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Signs of HPAI Infection in Cattle

USDA has confirmed an outbreak of Highly Pathogenic Avian Influenza in dairy cattle in eight states. Dr. Beth Thompson, South Dakota State Veterinarian, talks about a number of the common signs of infection that producers need to watch for.

Dr. Thompson says, “So, it’s decreased milk production, abnormal milk, and the cow might dry off early. There might be a fever. The cow is going to have a decreased feed consumption. Her rumen is going to slow down. Well, she’s not eating, so her rumen’s gonna slow down. Then, on the back end, so to speak, she’s going to have either diarrhea or a change in the manure consistency. There have been a few talking about a nasal discharge, but this virus in dairy doesn’t seem to be causing respiratory issues. The virus is going for the mammary tissue, and we’re finding it in the milk.”

The onset of the disease seems to happen quickly. The good news is that HPAI can be treated and so far hasn’t caused large numbers of cattle to die after infection. She says, “My understanding – I haven’t seen the data – is it can be treated. Dairies, they’ve got hands-on, eyes on dairy cattle every day, a couple of times when they come through the milking parlor. So, generally speaking, the dairy will pull her off and put her in the sick pen, give her supportive care, give her fluid make sure she’s eating, maybe give her some boluses, and she’ll come back around. In a couple of weeks or a little bit more, she’ll come back. It’s my understanding that these dairy cows, for the most part, are coming back into production. There have been a few mortalities, but nothing significant at all.”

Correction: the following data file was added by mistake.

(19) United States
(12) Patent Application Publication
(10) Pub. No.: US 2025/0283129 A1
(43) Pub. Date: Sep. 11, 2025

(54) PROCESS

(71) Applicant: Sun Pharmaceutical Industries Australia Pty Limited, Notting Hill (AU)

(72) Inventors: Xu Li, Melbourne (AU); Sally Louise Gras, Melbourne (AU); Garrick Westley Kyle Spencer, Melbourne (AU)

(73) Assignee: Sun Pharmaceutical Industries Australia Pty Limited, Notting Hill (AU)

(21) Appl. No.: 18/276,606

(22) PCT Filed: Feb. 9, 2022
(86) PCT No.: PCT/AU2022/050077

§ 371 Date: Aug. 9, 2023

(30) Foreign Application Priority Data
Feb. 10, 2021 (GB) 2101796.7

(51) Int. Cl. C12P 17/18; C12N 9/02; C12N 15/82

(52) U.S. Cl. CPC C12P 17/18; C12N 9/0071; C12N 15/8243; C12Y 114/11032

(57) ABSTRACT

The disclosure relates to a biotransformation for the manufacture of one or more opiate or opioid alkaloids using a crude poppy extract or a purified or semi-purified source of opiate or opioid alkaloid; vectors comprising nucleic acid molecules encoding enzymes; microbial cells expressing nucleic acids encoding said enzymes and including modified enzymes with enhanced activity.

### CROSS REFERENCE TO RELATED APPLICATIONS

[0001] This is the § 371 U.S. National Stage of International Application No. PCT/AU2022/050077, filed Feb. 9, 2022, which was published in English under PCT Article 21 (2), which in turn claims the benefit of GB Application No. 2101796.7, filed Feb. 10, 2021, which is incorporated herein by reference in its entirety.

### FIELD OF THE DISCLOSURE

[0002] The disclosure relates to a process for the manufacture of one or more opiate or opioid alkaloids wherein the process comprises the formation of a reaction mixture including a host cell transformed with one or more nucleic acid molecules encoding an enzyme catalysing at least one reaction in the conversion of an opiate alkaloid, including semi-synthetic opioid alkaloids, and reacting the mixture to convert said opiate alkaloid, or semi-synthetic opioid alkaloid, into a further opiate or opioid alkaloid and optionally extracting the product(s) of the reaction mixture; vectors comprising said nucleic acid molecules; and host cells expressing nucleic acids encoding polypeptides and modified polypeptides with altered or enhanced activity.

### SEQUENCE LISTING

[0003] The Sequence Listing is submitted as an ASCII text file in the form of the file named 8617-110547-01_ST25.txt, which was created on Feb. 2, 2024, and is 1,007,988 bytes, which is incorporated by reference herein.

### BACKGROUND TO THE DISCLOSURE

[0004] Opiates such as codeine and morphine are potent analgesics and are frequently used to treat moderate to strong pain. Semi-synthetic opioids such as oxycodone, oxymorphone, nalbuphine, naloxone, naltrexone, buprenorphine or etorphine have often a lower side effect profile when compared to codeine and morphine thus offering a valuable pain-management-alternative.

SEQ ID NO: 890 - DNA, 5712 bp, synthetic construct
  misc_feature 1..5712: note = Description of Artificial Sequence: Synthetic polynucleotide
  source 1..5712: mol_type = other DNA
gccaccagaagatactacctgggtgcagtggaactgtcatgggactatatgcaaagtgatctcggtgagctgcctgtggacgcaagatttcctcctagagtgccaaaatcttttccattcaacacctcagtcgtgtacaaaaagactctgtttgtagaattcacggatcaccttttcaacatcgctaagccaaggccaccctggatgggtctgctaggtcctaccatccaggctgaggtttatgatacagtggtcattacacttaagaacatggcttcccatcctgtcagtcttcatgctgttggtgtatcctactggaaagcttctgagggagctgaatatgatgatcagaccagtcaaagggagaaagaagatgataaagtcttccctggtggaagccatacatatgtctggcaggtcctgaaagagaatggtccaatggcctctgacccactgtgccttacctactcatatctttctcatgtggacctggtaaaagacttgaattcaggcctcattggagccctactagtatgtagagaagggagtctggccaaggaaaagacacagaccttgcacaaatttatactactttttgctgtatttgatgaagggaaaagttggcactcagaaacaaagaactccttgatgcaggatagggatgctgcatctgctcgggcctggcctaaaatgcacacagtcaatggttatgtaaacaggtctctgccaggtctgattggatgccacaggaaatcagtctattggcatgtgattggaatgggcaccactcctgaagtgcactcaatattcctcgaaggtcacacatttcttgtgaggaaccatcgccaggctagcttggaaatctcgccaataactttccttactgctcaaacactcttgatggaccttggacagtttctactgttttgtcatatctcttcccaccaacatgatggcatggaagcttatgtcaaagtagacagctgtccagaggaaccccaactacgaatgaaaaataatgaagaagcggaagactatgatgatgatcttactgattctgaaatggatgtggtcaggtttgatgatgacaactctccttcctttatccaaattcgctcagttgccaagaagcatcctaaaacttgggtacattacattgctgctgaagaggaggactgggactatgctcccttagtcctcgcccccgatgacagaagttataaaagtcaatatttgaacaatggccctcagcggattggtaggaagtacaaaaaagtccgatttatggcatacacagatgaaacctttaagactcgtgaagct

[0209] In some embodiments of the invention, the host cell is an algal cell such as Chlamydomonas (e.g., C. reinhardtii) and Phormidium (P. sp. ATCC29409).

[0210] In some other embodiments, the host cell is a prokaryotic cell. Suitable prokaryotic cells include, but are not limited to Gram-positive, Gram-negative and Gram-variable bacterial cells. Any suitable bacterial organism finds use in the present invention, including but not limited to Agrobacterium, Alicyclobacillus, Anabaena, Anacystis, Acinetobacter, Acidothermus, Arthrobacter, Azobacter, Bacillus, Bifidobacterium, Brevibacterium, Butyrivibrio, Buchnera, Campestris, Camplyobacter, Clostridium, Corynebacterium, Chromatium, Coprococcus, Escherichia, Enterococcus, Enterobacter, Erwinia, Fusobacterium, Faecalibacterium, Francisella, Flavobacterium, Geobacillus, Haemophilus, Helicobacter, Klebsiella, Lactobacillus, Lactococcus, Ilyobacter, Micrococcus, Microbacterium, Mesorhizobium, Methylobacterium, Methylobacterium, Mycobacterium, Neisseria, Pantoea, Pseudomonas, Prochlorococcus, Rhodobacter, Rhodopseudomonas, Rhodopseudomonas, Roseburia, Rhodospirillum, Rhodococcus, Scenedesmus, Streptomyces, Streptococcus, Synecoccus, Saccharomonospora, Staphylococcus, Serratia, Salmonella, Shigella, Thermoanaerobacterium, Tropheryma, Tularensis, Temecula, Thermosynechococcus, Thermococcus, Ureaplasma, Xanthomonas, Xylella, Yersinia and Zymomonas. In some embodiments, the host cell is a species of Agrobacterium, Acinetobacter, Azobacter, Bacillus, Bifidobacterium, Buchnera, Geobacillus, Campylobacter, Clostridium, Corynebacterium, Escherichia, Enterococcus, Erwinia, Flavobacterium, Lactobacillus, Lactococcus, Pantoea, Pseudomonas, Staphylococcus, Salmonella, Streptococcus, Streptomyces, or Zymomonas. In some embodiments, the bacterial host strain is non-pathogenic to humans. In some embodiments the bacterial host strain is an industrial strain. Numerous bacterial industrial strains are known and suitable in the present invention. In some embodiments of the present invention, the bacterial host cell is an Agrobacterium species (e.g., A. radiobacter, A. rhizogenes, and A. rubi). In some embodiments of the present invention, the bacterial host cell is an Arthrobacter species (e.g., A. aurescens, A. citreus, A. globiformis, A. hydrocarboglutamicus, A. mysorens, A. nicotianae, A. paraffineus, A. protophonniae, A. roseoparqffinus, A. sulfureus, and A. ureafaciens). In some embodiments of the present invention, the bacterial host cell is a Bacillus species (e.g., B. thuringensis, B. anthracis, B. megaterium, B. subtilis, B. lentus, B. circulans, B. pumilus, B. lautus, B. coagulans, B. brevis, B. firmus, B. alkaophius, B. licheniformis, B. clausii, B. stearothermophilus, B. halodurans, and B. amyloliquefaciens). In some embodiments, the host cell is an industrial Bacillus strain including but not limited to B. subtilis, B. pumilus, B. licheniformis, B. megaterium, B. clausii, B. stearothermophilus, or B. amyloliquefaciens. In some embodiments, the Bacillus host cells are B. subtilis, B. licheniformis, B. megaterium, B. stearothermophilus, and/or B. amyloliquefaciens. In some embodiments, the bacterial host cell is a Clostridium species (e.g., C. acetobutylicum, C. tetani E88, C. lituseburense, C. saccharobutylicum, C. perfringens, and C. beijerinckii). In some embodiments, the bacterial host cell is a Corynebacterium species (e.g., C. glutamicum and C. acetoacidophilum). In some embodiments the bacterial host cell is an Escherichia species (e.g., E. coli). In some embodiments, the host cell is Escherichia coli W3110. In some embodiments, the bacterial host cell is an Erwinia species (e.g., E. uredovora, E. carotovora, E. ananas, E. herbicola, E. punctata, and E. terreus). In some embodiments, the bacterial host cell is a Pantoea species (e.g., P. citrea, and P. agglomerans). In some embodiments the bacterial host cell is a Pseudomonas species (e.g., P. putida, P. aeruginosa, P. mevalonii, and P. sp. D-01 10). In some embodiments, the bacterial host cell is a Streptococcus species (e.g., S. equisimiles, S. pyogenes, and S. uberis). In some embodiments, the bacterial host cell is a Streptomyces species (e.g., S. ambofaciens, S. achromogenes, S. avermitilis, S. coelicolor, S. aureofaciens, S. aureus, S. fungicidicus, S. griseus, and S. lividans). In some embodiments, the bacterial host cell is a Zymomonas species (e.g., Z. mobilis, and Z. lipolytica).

That’s good news when you compare it to the devastation the disease wreaks on poultry farms. While it’s not completely surprising, it’s not often a virus will jump between species.

Dr. Thompson says, “It’s not all that common, but we are talking about influenza, and that’s a virus. Viruses are smart. They will adapt if they don’t find enough hosts or their hosts aren’t providing a home for them. Viruses will get into a host and then start replicating. That’s what viruses do. Now, why this virus is now being found in dairy, I go down the road of we’ve got so much environmental contamination out there with the wild waterfowl and other wildlife.”

She says protecting dairy herds from wild birds can be a big challenge. She says, “I think the last few years with our poultry farmers dealing with that conundrum of how to keep anything to do with wild birds from entering into their barns, the same is true of dairies, and they’re much more open, especially up here in the Dakotas, Minnesota, and other places. It’s hard to keep wild birds away from any of the domestic animals. Cleaning up feed spills and making sure there are no ponds around that the wild birds might congregate around are just a couple of the examples of things that farmers can be doing.”

Story courtesy of the NAFB News Service

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